Remembering My Friend, Liese Kuehn
By John M. Clark
My best friend died recently, and I’m still working through my grief. Maybe telling you about her will help.
Liese Kuehn was 92 years old and had lived atop the three-story commercial building on City Park Avenue, across the street from Jan and me, for the past 71 years. She and her husband Edmund, who died in 2011, would often smile at us on their many walks around German Village, and once even briefly attended a garden party on our back patio.
But that was the extent of our relationship until several years ago, during a particularly bad winter storm. I was sitting in a local coffee shop, looking at the snow, and it occurred to me. I should call Liese, now widowed, to see if there was anything she needed. Her answer was a polite, “No, but thank you for calling. I think I have everything I need.” I hung up the phone, but less than five minutes later, Liese called back. “John…” “Yes, Liese?” “I don’t need anything right now. But if you’d like to call and talk once in a while, I think I would enjoy it.”
That’s all it took to start a friendship that lasted for years – one in which I rarely saw her, but spoke with her almost weekly. Liese was an intensely private person. She never invited Jan or me up to her apartment. The closest I came was a few years ago when she needed someone to carry out her trash. I trudged up the three flights of stairs to her door, where she had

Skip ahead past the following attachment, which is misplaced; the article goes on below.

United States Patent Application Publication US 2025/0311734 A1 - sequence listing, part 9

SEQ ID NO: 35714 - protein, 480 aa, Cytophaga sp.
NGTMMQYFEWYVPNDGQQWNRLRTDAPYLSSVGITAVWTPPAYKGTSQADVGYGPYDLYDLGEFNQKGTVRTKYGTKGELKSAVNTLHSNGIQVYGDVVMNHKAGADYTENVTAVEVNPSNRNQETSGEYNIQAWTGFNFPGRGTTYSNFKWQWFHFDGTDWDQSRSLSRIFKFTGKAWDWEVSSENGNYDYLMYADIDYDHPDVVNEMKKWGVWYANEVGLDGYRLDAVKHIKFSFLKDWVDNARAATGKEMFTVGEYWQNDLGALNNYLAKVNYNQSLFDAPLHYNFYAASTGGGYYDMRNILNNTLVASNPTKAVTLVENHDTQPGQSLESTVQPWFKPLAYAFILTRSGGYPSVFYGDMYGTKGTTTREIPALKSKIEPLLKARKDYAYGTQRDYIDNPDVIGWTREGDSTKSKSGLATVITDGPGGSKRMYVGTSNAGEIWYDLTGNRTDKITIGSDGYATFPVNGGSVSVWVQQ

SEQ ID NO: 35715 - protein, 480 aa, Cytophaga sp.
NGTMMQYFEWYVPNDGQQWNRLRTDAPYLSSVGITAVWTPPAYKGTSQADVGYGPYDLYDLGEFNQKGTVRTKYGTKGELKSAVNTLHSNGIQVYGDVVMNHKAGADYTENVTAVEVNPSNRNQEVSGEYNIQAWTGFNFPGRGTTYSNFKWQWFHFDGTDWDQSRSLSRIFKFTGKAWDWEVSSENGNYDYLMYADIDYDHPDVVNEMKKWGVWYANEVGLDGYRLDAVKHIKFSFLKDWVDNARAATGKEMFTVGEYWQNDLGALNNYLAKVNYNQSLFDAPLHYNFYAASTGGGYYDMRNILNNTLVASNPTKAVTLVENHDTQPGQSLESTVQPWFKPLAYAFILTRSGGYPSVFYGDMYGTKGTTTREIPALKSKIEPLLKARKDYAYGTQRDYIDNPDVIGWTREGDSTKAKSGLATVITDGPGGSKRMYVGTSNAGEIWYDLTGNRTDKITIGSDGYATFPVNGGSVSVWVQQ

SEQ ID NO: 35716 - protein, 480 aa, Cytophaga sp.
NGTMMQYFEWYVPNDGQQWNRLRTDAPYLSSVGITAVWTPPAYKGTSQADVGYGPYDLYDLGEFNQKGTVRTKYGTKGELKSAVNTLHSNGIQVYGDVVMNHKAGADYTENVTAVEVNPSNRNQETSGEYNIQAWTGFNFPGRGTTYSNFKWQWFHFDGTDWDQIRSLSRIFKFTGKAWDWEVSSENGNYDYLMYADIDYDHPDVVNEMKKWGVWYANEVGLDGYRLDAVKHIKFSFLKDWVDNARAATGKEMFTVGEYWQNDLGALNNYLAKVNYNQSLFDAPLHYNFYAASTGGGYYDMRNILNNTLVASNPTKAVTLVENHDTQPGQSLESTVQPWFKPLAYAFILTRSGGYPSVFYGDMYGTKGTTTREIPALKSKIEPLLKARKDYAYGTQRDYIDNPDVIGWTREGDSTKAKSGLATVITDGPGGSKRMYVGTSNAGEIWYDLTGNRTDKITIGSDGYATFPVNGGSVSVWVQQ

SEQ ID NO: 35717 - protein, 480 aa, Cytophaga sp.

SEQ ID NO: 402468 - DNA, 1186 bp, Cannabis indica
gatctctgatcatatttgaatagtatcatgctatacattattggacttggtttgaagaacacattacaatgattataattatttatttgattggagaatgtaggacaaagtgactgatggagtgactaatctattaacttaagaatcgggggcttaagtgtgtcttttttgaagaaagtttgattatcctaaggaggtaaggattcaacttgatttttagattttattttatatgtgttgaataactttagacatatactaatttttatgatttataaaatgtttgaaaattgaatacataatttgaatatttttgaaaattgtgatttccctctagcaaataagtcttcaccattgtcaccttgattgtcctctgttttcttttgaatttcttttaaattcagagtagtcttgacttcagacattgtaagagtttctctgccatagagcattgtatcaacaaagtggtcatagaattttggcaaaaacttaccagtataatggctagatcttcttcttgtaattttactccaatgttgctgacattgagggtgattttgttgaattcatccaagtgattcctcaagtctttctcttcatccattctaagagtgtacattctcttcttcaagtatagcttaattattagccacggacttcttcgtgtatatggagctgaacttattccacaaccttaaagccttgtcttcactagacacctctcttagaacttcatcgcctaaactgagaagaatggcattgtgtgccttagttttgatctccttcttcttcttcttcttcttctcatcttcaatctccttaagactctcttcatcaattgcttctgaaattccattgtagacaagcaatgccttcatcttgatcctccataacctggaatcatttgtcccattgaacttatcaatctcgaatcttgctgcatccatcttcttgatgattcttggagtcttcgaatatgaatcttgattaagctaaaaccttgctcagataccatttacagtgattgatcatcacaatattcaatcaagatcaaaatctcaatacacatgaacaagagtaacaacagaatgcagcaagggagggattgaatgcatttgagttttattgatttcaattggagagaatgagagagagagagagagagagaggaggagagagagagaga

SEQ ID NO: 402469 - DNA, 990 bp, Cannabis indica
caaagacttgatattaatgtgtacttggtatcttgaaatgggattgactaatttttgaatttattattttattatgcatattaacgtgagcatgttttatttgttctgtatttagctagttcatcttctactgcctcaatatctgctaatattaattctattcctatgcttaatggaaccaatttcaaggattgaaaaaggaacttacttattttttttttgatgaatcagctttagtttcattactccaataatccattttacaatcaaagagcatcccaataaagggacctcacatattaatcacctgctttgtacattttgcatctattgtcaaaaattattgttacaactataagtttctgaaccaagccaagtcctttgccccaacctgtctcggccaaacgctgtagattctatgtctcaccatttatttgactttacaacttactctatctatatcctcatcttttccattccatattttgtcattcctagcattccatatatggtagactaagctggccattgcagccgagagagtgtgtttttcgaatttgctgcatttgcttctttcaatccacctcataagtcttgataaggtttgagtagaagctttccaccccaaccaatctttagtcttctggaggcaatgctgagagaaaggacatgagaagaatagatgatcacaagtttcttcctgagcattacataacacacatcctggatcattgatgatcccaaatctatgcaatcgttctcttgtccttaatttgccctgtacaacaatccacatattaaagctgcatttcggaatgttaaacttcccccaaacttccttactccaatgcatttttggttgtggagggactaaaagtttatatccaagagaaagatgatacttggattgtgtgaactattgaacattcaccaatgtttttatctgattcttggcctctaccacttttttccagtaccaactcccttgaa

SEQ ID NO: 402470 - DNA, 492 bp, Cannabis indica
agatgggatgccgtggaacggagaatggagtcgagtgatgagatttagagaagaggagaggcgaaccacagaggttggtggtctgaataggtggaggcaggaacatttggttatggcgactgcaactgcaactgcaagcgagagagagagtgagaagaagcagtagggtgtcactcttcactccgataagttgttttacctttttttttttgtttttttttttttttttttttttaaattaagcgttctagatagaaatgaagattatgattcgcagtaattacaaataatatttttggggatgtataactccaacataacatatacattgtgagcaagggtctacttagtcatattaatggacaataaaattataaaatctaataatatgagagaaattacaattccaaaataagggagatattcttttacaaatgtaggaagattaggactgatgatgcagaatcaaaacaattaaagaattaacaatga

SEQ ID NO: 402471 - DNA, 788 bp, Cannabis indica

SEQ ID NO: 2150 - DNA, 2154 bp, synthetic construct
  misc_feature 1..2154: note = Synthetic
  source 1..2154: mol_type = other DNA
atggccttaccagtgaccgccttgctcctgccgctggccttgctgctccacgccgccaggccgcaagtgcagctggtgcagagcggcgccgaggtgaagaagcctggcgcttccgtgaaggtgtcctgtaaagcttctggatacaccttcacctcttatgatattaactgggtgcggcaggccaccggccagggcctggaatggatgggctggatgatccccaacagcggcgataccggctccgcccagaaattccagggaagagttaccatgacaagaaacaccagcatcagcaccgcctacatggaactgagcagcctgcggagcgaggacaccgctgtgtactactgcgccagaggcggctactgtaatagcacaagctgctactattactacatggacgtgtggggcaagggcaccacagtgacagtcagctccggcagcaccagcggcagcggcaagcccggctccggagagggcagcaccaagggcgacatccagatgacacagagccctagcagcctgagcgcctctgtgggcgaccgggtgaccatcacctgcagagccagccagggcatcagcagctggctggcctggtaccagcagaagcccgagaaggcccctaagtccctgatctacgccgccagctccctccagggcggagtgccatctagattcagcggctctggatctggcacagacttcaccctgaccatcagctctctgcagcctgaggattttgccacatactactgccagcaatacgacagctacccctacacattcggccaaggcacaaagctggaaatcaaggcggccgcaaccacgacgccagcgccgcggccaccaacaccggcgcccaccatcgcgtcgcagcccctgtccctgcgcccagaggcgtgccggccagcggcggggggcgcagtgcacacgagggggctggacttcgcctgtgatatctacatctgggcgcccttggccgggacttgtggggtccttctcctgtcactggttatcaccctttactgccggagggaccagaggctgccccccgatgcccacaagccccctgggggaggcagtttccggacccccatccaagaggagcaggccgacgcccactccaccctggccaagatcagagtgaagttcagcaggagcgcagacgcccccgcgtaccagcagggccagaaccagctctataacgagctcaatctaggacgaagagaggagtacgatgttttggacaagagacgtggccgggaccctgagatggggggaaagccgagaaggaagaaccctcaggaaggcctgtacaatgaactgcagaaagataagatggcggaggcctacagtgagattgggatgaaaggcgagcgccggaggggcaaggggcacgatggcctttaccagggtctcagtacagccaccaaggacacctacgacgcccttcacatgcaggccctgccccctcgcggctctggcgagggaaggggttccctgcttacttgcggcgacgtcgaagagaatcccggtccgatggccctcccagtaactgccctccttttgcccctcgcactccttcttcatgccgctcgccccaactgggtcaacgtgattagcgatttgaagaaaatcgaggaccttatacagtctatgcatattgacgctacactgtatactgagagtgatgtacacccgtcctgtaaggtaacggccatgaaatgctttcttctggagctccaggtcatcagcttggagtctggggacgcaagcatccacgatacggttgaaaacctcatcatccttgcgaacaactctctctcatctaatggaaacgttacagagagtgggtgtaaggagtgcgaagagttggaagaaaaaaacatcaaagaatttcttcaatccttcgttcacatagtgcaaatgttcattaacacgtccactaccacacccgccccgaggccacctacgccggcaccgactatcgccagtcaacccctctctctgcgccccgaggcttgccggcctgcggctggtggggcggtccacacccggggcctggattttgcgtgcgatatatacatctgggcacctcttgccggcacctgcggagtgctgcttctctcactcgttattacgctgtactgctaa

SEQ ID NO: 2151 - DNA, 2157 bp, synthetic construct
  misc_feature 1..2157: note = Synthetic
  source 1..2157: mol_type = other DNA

deposited a small, plastic bag of refuse. I smiled to myself and carried the bag down to the trash can – stowed at the rear of her long, narrow driveway.
Thinking about it now, it’s difficult to remember exactly what we talked about during those many phone calls, some of which lasted almost an hour or more. She was highly intelligent, spoke several languages and her mind was sharp to the very end. I enjoyed just hearing her pick up the phone. “Hello?” Sometimes, I would answer with an old gag from Rowan & Martin’s Laugh-In. “Is this the party to whom I am speaking?” The first time I used that joke,
she immediately came back with, “Lily Tomlin! I remember her!”
In fact, Liese remembered a lot. She and Edmund often traveled to Paris, sitting in cafes and passing the time with famous artists like Marcel Duchamp. I loved those stories, and the ones about her husband’s connection to arts philanthropist Frederick Schumacher and Hollywood star Edward G. Robinson, who would drop in on Edmund while in town for a stage play at the Hartman Theater.
Liese was intensely proud of her husband and often told stories about him impressing the staff at the Columbus Museum of Art, for whom he worked as one of the institution’s earliest curators, and later as assistant director. She especially enjoyed telling the story about how her beloved Edmund got his first job at the museum by pointing out a mistake a gallery staffer had made in identifying an artist. She even attempted to encapsulate his life in a book, but gave up under the sheer weight of what she considered important about his life and his contributions to art.